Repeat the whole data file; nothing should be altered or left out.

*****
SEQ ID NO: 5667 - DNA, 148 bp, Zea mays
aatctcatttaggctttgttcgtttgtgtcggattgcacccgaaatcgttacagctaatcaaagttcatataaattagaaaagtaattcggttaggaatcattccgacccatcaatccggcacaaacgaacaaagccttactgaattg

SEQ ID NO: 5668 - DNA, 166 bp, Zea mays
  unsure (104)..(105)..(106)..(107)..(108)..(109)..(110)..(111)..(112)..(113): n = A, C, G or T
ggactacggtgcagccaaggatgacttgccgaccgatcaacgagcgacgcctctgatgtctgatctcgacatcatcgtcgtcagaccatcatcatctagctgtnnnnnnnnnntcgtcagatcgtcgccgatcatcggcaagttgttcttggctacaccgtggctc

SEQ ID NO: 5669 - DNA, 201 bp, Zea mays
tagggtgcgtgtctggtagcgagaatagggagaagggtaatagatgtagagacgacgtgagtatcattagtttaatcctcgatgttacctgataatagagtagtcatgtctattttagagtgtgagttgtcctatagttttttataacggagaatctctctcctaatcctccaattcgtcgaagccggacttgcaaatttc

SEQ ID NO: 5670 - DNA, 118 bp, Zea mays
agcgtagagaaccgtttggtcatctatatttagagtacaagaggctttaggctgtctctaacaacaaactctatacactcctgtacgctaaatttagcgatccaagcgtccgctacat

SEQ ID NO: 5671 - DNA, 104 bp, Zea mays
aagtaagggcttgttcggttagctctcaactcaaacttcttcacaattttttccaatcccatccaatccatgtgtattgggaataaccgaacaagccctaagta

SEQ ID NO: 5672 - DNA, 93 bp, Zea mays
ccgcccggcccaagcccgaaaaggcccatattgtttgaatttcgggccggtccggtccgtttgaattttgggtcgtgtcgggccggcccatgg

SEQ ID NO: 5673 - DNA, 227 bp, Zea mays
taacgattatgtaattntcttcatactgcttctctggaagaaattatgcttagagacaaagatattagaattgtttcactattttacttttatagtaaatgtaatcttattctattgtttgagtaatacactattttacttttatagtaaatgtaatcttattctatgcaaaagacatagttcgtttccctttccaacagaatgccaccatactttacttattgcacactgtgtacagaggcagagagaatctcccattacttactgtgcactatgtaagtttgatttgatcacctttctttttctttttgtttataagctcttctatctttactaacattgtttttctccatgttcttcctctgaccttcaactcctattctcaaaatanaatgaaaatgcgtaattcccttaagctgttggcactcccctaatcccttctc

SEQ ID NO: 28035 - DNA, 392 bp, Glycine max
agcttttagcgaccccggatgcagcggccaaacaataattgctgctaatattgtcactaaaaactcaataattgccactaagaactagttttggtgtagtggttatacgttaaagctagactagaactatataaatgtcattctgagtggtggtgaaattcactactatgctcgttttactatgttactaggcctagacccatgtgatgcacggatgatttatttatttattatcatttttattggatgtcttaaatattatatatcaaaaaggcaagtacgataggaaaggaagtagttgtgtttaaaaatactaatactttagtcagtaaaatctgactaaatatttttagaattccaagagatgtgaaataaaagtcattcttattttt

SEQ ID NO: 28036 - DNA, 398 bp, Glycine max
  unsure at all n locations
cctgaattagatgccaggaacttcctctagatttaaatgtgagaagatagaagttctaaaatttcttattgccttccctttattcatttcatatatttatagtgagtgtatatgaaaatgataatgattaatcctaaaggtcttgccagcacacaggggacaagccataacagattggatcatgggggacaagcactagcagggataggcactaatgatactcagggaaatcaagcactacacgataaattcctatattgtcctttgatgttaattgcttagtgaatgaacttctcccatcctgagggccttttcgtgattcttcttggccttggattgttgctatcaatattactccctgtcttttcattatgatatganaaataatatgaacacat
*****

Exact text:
SEQ ID NO: 5667 - DNA, 148 bp, Zea mays
aatctcatttaggctttgttcgtttgtgtcggattgcacccgaaatcgttacagctaatcaaagttcatataaattagaaaagtaattcggttaggaatcattccgacccatcaatccggcacaaacgaacaaagccttactgaattg

SEQ ID NO: 5668 - DNA, 166 bp, Zea mays
  unsure (104)..(105)..(106)..(107)..(108)..(109)..(110)..(111)..(112)..(113): n = A, C, G or T
ggactacggtgcagccaaggatgacttgccgaccgatcaacgagcgacgcctctgatgtctgatctcgacatcatcgtcgtcagaccatcatcatctagctgtnnnnnnnnnntcgtcagatcgtcgccgatcatcggcaagttgttcttggctacaccgtggctc

SEQ ID NO: 5669 - DNA, 201 bp, Zea mays
tagggtgcgtgtctggtagcgagaatagggagaagggtaatagatgtagagacgacgtgagtatcattagtttaatcctcgatgttacctgataatagagtagtcatgtctattttagagtgtgagttgtcctatagttttttataacggagaatctctctcctaatcctccaattcgtcgaagccggacttgcaaatttc

SEQ ID NO: 5670 - DNA, 118 bp, Zea mays
agcgtagagaaccgtttggtcatctatatttagagtacaagaggctttaggctgtctctaacaacaaactctatacactcctgtacgctaaatttagcgatccaagcgtccgctacat

SEQ ID NO: 5671 - DNA, 104 bp, Zea mays
aagtaagggcttgttcggttagctctcaactcaaacttcttcacaattttttccaatcccatccaatccatgtgtattgggaataaccgaacaagccctaagta

SEQ ID NO: 5672 - DNA, 93 bp, Zea mays
ccgcccggcccaagcccgaaaaggcccatattgtttgaatttcgggccggtccggtccgtttgaattttgggtcgtgtcgggccggcccatgg

SEQ ID NO: 5673 - DNA, 227 bp, Zea mays
taacgattatgtaattntcttcatactgcttctctggaagaaattatgcttagagacaaagatattagaattgtttcactattttacttttatagtaaatgtaatcttattctattgtttgagtaatacactattttacttttatagtaaatgtaatcttattctatgcaaaagacatagttcgtttccctttccaacagaatgccaccatactttacttattgcacactgtgtacagaggcagagagaatctcccattacttactgtgcactatgtaagtttgatttgatcacctttctttttctttttgtttataagctcttctatctttactaacattgtttttctccatgttcttcctctgaccttcaactcctattctcaaaatanaatgaaaatgcgtaattcccttaagctgttggcactcccctaatcccttctc

SEQ ID NO: 28035 - DNA, 392 bp, Glycine max
agcttttagcgaccccggatgcagcggccaaacaataattgctgctaatattgtcactaaaaactcaataattgccactaagaactagttttggtgtagtggttatacgttaaagctagactagaactatataaatgtcattctgagtggtggtgaaattcactactatgctcgttttactatgttactaggcctagacccatgtgatgcacggatgatttatttatttattatcatttttattggatgtcttaaatattatatatcaaaaaggcaagtacgataggaaaggaagtagttgtgtttaaaaatactaatactttagtcagtaaaatctgactaaatatttttagaattccaagagatgtgaaataaaagtcattcttattttt

SEQ ID NO: 28036 - DNA, 398 bp, Glycine max
  unsure at all n locations
cctgaattagatgccaggaacttcctctagatttaaatgtgagaagatagaagttctaaaatttcttattgccttccctttattcatttcatatatttatagtgagtgtatatgaaaatgataatgattaatcctaaaggtcttgccagcacacaggggacaagccataacagattggatcatgggggacaagcactagcagggataggcactaatgatactcagggaaatcaagcactacacgataaattcctatattgtcctttgatgttaattgcttagtgaatgaacttctcccatcctgagggccttttcgtgattcttcttggccttggattgttgctatcaatattactccctgtcttttcattatgatatganaaataatatgaacacat